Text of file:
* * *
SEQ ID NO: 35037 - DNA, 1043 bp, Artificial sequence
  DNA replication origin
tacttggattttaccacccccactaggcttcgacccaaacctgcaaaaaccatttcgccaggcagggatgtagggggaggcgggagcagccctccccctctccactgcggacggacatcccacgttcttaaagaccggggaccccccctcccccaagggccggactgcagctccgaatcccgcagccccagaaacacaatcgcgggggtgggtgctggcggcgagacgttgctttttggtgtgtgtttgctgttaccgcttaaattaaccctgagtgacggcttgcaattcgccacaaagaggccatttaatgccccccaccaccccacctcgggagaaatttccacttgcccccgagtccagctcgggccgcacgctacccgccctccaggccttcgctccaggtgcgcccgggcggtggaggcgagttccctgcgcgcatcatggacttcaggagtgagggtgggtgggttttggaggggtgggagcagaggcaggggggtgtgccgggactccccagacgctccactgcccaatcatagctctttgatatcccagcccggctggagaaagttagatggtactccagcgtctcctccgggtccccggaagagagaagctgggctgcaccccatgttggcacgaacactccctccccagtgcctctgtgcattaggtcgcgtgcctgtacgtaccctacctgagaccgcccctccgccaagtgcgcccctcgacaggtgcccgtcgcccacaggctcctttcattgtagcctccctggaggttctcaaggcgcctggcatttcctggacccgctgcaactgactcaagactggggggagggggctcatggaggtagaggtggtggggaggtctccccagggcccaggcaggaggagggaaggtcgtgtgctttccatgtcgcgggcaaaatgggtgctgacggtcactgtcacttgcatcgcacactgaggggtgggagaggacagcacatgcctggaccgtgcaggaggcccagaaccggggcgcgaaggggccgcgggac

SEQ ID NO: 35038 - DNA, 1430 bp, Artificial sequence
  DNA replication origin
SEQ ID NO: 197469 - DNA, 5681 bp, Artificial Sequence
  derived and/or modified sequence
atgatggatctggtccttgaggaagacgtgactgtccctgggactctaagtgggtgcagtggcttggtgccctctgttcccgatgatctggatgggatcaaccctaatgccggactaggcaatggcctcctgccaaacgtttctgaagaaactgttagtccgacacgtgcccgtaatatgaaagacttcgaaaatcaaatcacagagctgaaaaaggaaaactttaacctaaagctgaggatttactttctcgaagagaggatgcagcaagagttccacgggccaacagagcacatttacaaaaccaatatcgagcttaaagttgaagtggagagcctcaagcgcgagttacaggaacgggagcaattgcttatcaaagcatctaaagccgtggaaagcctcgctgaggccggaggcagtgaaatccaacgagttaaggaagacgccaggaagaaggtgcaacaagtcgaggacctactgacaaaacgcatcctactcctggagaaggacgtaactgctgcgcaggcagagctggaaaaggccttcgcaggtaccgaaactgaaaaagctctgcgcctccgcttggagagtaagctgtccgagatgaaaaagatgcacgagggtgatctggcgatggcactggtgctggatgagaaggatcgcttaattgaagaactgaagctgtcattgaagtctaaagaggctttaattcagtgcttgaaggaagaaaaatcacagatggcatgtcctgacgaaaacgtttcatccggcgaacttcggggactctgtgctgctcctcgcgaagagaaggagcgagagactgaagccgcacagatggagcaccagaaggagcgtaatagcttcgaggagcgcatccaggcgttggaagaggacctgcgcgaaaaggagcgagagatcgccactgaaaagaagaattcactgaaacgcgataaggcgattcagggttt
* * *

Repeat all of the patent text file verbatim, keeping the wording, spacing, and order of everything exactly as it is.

SEQ ID NO: 35037 - DNA, 1043 bp, Artificial sequence
  DNA replication origin
tacttggattttaccacccccactaggcttcgacccaaacctgcaaaaaccatttcgccaggcagggatgtagggggaggcgggagcagccctccccctctccactgcggacggacatcccacgttcttaaagaccggggaccccccctcccccaagggccggactgcagctccgaatcccgcagccccagaaacacaatcgcgggggtgggtgctggcggcgagacgttgctttttggtgtgtgtttgctgttaccgcttaaattaaccctgagtgacggcttgcaattcgccacaaagaggccatttaatgccccccaccaccccacctcgggagaaatttccacttgcccccgagtccagctcgggccgcacgctacccgccctccaggccttcgctccaggtgcgcccgggcggtggaggcgagttccctgcgcgcatcatggacttcaggagtgagggtgggtgggttttggaggggtgggagcagaggcaggggggtgtgccgggactccccagacgctccactgcccaatcatagctctttgatatcccagcccggctggagaaagttagatggtactccagcgtctcctccgggtccccggaagagagaagctgggctgcaccccatgttggcacgaacactccctccccagtgcctctgtgcattaggtcgcgtgcctgtacgtaccctacctgagaccgcccctccgccaagtgcgcccctcgacaggtgcccgtcgcccacaggctcctttcattgtagcctccctggaggttctcaaggcgcctggcatttcctggacccgctgcaactgactcaagactggggggagggggctcatggaggtagaggtggtggggaggtctccccagggcccaggcaggaggagggaaggtcgtgtgctttccatgtcgcgggcaaaatgggtgctgacggtcactgtcacttgcatcgcacactgaggggtgggagaggacagcacatgcctggaccgtgcaggaggcccagaaccggggcgcgaaggggccgcgggac

SEQ ID NO: 35038 - DNA, 1430 bp, Artificial sequence
  DNA replication origin
SEQ ID NO: 197469 - DNA, 5681 bp, Artificial Sequence
  derived and/or modified sequence
atgatggatctggtccttgaggaagacgtgactgtccctgggactctaagtgggtgcagtggcttggtgccctctgttcccgatgatctggatgggatcaaccctaatgccggactaggcaatggcctcctgccaaacgtttctgaagaaactgttagtccgacacgtgcccgtaatatgaaagacttcgaaaatcaaatcacagagctgaaaaaggaaaactttaacctaaagctgaggatttactttctcgaagagaggatgcagcaagagttccacgggccaacagagcacatttacaaaaccaatatcgagcttaaagttgaagtggagagcctcaagcgcgagttacaggaacgggagcaattgcttatcaaagcatctaaagccgtggaaagcctcgctgaggccggaggcagtgaaatccaacgagttaaggaagacgccaggaagaaggtgcaacaagtcgaggacctactgacaaaacgcatcctactcctggagaaggacgtaactgctgcgcaggcagagctggaaaaggccttcgcaggtaccgaaactgaaaaagctctgcgcctccgcttggagagtaagctgtccgagatgaaaaagatgcacgagggtgatctggcgatggcactggtgctggatgagaaggatcgcttaattgaagaactgaagctgtcattgaagtctaaagaggctttaattcagtgcttgaaggaagaaaaatcacagatggcatgtcctgacgaaaacgtttcatccggcgaacttcggggactctgtgctgctcctcgcgaagagaaggagcgagagactgaagccgcacagatggagcaccagaaggagcgtaatagcttcgaggagcgcatccaggcgttggaagaggacctgcgcgaaaaggagcgagagatcgccactgaaaagaagaattcactgaaacgcgataaggcgattcagggttt